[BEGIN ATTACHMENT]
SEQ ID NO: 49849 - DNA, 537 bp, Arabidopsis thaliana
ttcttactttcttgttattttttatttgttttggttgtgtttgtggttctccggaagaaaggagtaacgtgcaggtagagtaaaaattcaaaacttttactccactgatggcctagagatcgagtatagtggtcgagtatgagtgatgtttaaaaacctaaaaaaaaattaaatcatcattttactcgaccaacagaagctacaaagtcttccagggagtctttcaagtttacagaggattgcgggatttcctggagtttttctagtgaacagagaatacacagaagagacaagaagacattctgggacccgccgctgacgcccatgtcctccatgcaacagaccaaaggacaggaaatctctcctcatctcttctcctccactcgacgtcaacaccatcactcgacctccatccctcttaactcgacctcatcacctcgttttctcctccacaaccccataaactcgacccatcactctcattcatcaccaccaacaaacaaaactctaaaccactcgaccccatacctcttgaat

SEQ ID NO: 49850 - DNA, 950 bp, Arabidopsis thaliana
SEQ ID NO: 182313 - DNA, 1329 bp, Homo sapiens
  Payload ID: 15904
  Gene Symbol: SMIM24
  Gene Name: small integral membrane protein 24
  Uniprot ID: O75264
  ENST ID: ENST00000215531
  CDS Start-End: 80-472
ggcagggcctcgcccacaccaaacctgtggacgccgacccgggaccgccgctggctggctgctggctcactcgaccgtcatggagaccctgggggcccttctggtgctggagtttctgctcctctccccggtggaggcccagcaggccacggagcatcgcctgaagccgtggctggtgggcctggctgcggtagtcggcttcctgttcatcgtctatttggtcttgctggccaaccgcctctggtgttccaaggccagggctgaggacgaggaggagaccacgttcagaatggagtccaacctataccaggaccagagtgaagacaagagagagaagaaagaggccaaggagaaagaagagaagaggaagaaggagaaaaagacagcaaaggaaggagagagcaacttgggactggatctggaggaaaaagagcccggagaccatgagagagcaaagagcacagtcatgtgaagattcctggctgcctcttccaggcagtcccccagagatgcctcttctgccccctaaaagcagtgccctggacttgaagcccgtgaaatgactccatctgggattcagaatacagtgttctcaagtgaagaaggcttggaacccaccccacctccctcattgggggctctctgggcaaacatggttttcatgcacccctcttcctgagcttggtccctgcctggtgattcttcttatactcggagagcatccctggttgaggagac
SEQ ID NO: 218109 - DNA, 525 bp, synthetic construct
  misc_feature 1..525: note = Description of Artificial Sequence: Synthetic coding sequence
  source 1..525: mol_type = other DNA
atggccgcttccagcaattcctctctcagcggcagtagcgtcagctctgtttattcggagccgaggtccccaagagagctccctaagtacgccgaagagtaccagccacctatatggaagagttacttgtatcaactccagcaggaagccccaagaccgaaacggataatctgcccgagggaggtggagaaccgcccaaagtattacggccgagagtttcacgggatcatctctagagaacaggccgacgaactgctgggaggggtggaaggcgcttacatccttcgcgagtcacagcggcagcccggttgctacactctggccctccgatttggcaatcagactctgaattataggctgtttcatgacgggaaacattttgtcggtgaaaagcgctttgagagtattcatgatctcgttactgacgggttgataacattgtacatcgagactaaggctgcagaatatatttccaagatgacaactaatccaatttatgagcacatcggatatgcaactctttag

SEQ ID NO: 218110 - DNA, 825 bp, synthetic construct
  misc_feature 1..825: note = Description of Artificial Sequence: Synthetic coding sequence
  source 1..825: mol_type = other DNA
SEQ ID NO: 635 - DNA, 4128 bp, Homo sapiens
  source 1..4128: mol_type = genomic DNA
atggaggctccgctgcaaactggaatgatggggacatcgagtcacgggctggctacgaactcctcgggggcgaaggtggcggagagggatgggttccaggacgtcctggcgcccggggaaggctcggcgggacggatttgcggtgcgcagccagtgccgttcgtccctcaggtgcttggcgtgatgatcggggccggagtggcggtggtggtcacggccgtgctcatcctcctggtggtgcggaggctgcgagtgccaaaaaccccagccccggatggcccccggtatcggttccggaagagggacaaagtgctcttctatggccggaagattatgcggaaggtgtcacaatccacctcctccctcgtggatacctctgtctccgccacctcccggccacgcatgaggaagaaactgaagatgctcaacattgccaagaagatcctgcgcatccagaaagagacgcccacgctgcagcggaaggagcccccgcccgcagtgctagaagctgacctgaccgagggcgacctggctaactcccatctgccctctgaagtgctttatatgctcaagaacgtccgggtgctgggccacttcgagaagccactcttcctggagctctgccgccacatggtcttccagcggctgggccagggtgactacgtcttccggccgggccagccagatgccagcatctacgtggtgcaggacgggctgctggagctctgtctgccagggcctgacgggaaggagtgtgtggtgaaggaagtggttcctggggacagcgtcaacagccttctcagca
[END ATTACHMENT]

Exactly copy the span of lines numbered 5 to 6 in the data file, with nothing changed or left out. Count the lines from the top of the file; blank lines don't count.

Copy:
  Payload ID: 15904
  Gene Symbol: SMIM24